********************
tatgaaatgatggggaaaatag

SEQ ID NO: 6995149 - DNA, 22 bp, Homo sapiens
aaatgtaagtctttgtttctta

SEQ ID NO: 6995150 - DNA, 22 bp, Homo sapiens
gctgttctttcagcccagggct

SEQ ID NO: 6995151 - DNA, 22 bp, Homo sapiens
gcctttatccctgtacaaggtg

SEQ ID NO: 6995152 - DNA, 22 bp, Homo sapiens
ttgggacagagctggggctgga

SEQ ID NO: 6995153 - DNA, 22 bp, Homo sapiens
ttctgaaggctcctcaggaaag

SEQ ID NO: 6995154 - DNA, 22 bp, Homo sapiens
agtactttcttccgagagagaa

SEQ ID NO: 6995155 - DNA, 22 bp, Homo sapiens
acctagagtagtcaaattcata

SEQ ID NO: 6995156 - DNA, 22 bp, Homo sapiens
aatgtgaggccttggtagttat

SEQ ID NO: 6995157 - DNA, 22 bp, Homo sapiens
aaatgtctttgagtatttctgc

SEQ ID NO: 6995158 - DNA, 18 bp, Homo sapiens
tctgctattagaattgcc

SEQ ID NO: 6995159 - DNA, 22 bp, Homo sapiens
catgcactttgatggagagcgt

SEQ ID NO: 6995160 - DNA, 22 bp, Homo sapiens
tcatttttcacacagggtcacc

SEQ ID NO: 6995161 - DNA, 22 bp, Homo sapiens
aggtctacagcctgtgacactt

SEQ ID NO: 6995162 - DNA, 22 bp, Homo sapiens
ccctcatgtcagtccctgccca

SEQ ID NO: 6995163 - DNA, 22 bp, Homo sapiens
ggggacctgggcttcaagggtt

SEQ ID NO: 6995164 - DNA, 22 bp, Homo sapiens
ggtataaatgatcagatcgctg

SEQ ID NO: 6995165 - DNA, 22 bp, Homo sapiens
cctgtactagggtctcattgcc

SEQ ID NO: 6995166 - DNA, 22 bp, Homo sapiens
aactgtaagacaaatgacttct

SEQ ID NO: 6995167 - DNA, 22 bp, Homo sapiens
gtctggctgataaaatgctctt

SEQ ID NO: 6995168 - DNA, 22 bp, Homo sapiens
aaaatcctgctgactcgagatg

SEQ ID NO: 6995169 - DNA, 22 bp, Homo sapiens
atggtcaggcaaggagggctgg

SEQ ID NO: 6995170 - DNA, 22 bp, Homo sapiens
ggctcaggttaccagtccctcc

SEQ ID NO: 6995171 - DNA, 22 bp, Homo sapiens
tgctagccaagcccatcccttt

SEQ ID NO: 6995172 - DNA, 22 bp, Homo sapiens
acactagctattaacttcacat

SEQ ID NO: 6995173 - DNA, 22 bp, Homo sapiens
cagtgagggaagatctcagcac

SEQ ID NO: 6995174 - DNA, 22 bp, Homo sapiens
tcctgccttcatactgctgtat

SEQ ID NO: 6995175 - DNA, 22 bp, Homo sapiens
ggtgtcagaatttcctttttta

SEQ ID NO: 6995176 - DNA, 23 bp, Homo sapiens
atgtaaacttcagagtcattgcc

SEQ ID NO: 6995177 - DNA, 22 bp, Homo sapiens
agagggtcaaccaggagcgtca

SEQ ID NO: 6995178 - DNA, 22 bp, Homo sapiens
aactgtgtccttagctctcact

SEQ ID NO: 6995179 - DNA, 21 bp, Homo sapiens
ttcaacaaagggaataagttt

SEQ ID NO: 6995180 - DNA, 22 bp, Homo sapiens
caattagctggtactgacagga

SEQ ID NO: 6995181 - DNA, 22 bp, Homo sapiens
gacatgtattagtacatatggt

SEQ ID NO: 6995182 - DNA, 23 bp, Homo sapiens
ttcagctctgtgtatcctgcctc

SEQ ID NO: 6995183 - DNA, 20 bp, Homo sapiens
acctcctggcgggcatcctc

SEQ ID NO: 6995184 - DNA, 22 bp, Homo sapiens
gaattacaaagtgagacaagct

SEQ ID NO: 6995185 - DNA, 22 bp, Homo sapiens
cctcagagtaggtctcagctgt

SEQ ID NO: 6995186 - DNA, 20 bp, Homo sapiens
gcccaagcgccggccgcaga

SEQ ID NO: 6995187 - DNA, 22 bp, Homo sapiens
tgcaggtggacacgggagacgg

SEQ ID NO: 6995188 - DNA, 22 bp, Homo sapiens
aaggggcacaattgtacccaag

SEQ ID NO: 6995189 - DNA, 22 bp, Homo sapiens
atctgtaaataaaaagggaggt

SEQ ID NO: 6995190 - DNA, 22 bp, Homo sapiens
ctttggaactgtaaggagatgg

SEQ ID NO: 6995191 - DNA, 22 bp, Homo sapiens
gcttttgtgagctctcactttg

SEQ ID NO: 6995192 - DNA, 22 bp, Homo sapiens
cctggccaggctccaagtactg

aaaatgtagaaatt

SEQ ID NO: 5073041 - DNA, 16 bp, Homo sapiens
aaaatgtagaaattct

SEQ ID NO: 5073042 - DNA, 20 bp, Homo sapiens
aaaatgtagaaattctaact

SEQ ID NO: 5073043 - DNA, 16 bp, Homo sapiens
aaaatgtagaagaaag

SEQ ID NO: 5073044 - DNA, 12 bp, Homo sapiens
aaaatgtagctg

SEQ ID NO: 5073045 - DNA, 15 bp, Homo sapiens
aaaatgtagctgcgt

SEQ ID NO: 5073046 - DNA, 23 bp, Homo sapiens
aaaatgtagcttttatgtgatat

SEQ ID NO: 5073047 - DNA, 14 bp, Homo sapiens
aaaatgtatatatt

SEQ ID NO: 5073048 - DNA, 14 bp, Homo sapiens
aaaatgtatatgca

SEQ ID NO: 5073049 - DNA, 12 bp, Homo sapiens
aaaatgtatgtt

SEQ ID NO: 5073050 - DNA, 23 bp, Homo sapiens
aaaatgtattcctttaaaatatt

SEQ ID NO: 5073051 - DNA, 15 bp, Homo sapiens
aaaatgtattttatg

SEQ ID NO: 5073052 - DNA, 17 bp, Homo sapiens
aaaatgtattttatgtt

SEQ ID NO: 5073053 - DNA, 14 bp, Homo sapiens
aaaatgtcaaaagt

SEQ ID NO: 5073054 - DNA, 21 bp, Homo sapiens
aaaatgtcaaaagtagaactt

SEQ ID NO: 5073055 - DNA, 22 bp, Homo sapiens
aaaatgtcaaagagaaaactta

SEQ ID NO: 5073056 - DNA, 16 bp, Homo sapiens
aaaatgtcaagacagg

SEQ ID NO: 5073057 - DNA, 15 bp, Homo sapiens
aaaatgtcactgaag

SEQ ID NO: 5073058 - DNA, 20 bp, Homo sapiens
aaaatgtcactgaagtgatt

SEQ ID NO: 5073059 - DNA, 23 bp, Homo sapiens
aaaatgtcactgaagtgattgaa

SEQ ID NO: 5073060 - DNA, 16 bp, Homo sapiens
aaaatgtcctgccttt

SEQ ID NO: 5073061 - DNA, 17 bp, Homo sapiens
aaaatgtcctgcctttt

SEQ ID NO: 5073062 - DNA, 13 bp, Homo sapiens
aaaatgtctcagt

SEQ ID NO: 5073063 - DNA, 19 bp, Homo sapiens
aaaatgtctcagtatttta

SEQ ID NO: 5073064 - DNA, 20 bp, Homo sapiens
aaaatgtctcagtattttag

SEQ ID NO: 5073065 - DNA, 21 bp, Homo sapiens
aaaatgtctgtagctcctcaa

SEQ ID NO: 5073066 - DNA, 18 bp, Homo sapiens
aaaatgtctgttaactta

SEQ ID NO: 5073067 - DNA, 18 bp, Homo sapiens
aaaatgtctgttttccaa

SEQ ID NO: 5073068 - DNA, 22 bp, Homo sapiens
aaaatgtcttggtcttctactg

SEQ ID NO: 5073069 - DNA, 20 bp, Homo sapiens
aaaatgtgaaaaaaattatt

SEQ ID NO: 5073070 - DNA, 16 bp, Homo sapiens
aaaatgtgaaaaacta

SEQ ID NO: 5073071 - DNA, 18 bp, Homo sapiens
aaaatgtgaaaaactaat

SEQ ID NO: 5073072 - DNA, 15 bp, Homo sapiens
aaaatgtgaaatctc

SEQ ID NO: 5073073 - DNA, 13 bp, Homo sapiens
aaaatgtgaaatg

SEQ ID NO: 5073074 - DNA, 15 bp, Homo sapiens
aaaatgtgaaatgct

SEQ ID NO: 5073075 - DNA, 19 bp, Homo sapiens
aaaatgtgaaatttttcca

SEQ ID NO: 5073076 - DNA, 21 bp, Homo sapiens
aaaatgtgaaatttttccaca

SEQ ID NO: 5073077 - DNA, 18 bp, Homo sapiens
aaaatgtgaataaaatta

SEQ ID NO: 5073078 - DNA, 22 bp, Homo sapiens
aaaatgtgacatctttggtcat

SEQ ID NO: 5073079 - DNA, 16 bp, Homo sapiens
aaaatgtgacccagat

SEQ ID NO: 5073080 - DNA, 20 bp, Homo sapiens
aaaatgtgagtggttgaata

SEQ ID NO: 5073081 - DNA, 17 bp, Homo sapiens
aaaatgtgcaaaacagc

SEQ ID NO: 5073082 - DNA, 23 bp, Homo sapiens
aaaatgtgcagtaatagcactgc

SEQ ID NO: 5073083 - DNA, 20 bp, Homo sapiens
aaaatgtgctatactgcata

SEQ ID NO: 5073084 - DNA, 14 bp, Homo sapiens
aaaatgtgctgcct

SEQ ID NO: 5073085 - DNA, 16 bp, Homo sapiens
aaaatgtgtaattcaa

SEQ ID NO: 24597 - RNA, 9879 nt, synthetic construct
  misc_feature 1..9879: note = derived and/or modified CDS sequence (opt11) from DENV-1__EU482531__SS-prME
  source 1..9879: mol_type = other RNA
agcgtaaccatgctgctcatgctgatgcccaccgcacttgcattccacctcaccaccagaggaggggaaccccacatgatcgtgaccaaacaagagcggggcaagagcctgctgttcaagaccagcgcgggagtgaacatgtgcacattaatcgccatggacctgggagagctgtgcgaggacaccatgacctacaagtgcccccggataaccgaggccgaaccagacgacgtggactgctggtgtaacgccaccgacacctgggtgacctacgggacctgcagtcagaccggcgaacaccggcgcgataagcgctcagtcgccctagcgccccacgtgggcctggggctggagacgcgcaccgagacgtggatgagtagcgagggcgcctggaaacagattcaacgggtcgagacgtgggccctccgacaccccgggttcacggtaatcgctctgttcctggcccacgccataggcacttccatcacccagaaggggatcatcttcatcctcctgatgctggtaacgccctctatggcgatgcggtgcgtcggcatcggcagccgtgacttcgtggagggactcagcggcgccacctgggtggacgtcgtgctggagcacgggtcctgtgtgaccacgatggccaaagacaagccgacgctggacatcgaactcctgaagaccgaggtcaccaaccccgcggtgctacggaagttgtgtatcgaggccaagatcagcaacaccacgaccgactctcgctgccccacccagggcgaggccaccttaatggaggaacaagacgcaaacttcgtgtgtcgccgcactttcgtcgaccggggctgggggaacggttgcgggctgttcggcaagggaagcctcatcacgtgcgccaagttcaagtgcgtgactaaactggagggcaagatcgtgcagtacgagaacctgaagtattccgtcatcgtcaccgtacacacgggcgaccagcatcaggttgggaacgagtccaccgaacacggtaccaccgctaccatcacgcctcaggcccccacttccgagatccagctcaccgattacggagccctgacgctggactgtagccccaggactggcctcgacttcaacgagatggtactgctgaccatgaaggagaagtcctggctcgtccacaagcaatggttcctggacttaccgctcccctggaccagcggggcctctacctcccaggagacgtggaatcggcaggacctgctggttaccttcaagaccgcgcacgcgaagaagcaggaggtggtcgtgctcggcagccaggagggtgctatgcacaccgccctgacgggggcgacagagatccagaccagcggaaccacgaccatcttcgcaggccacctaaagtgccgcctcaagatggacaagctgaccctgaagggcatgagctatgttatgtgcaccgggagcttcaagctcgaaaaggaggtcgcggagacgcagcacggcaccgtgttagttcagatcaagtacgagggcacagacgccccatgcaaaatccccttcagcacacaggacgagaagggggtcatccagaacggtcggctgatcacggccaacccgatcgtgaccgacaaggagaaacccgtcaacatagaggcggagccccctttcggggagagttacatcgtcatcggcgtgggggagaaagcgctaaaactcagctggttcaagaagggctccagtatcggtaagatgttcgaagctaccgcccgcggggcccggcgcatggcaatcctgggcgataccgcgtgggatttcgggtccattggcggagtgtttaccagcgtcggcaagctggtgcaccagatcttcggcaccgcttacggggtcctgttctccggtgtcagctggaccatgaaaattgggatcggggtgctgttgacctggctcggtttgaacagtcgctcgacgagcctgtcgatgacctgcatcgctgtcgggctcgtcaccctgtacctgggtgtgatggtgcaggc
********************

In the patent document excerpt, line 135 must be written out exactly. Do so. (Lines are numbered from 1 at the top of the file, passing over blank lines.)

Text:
SEQ ID NO: 5073063 - DNA, 19 bp, Homo sapiens